Well, in Raleigh, city government has gone on an unbridled spending spree. Under Mayor Meeker the City Council is spending money like there is no tomorrow.

And the Mayor has the votes on the Council to go right on spending. He has two almost certain allies in Russell Stephenson and Thomas Crowder. And he has three less certain but friendly allies in Democrats James West, Joyce Kekas and Jessie Taliaferro.

The city has built, is building, or is funding a $215 million Convention Center, a $40 million underground parking deck, a $20 million Marriott Hotel, a million dollar downtown restaurant and upscale supermarket. The list goes on and on.

Even the Republicans have voted for parts of this spending.

In a way, you can’t really fault Charles Meeker. He seems to want to spend every penny he can lay his hands on, but he never said he’d do anything else.

The problem is the muted response of the Republicans. What happened to the days when there were Republican leaders like Tom Fetzer who spoke out against unbridled spending? Fetzer stopped a $90 million Convention Center dead in its tracks by rallying voters. Many of the new crop of Republican leaders actually voted for a Convention Center that cost twice that much.

It’s time Republicans stopped being rubber stamps to Charles Meeker and started saying no.

They may – and almost certainly will – lose a lot of votes in the City Council. They will make other Council members mad. But they may also make a lot of people – like the 64% of the voters who oppose raising taxes for school bonds – happy. And they may give them something they don’t have now – a good reason to vote for Republicans next year in the elections.

There are already encouraging signs. Republican Councilman Phil Isley recently proposed to cut funding for one of Mayor Meeker’s pet projects – the Triangle Transit Authority’s lite-rail boondoggle – rather than raise taxes.

It’s up to the Republicans to make Mayor Meeker’s spending spree – and his tax increases – an issue in the next election. No one else will do it.

They should start now.

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Posted in: General, Raleigh
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President Bush’s immigration speech showed just how far he has fallen.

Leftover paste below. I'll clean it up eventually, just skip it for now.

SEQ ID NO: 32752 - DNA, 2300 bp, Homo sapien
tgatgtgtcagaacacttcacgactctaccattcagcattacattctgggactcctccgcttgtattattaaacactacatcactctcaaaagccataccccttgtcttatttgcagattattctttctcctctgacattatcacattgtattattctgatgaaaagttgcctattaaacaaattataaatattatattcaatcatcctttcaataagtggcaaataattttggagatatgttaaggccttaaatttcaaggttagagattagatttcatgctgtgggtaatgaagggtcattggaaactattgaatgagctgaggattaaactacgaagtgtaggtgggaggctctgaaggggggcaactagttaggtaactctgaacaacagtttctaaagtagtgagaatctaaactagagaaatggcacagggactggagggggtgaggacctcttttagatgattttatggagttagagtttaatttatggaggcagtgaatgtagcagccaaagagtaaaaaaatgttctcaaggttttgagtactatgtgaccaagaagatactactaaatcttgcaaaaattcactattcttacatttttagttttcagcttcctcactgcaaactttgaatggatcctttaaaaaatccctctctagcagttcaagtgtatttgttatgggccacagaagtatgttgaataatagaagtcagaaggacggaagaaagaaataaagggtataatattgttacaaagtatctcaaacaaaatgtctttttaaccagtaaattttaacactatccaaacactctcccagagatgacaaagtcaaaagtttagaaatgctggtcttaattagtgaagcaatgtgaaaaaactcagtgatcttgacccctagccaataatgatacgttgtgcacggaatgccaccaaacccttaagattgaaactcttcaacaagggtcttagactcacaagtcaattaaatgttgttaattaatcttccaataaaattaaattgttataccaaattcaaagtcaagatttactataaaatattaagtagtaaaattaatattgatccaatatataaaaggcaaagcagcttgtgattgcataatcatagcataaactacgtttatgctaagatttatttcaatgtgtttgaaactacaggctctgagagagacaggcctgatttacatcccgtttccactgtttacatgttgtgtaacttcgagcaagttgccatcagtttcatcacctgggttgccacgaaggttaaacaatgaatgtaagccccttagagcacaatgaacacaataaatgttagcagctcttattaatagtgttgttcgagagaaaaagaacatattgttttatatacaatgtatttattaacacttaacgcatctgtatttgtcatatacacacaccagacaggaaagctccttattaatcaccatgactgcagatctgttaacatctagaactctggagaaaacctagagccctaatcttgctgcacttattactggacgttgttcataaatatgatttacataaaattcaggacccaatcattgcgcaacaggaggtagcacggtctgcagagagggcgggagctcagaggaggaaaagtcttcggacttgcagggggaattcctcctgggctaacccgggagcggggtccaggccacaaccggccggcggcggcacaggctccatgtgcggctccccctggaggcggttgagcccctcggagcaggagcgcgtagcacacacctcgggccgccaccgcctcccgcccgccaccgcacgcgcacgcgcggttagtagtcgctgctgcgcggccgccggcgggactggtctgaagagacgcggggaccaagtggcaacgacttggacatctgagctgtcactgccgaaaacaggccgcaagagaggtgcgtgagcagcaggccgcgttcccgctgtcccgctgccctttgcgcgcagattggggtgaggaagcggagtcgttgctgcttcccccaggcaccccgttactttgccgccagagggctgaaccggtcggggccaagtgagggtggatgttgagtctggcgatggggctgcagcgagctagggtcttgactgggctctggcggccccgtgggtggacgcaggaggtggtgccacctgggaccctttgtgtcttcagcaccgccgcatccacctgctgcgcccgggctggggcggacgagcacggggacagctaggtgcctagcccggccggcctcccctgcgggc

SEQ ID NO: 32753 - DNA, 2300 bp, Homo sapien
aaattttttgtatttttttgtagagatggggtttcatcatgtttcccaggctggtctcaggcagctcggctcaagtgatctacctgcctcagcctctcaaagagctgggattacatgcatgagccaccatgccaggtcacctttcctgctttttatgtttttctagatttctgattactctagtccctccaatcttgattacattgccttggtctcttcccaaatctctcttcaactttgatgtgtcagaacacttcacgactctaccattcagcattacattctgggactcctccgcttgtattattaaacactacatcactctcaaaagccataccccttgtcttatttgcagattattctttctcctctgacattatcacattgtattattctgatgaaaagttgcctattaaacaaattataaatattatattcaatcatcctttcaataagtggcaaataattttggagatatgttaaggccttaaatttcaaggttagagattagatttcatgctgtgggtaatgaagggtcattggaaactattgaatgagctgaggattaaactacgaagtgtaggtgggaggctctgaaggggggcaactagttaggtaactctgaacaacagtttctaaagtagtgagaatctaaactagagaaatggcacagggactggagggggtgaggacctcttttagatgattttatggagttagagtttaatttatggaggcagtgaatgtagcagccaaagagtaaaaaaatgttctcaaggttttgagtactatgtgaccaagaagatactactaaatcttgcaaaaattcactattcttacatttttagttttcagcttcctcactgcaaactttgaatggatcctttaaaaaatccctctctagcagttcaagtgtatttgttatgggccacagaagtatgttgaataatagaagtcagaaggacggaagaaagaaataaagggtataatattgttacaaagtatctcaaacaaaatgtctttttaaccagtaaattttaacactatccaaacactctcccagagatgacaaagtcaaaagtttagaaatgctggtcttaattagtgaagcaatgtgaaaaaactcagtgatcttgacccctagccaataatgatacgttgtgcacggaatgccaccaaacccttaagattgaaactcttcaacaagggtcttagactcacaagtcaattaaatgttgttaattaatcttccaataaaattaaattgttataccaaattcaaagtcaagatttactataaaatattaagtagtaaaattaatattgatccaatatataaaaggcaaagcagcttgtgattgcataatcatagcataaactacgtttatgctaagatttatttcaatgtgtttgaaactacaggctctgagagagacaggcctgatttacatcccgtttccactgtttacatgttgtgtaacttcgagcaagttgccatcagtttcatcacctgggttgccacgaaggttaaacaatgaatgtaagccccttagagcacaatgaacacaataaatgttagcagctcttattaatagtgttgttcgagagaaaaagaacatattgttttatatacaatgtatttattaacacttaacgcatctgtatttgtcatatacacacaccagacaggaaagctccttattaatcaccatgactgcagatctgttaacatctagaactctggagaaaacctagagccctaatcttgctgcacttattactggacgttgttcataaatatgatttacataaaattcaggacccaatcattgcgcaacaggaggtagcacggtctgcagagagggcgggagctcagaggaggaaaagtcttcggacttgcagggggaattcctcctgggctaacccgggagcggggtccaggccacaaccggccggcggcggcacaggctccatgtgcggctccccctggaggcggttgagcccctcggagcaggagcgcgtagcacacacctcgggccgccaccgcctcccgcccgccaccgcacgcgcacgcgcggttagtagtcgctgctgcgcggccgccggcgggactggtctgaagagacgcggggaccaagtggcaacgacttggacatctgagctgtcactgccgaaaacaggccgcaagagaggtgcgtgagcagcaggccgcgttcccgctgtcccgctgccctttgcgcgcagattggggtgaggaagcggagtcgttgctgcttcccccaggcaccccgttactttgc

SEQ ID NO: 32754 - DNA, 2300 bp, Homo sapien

And it happened when – in my opinion – he actually is trying to do the right thing. (There, that’s my nod to bipartisanship this week.)

On gay rights, Bush is the monkey to the right-wing organ grinders. Even though Laura disagrees – publicly!

On immigration, Bush actually has the instinct to stand up to the talk radio blowhards.

But he doesn’t have the political heft to do it.

Instead, he spends most of his speech begging the right-wingers to please believe that he’s not for “amnesty.”

Amnesty, by the way, has been a political poison pill since Nixon’s CREEP fed it to McGovern in 1972: “Acid, Amnesty and Abortion.”

Bush had to grovel even more. He had to promise to call out the National Guard, which is already so overstretched in Iraq it couldn’t help Katrina victims.

The most bitter pill of all: About the only kind words for Bush – “courageous” – came from Ted Kennedy.

Bush’s ratings are falling faster than the stock market is rising.

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Carter & Gary
Carter Wrenn
Gary Pearce
The Charlotte Observer says: “Carter Wrenn and Gary Pearce don’t see eye-to-eye on many issues. But they both love North Carolina and know its politics inside and out.”
Carter is a Republican. 
Gary is a Democrat.
They met in 1984, during the epic U.S. Senate battle between Jesse Helms and Jim Hunt. Carter worked for Helms and Gary, for Hunt.
Years later, they became friends. They even worked together on some nonpolitical clients.
They enjoy talking about politics. So they started this blog in 2005. 
They’re still talking. And they invite you to join the conversation.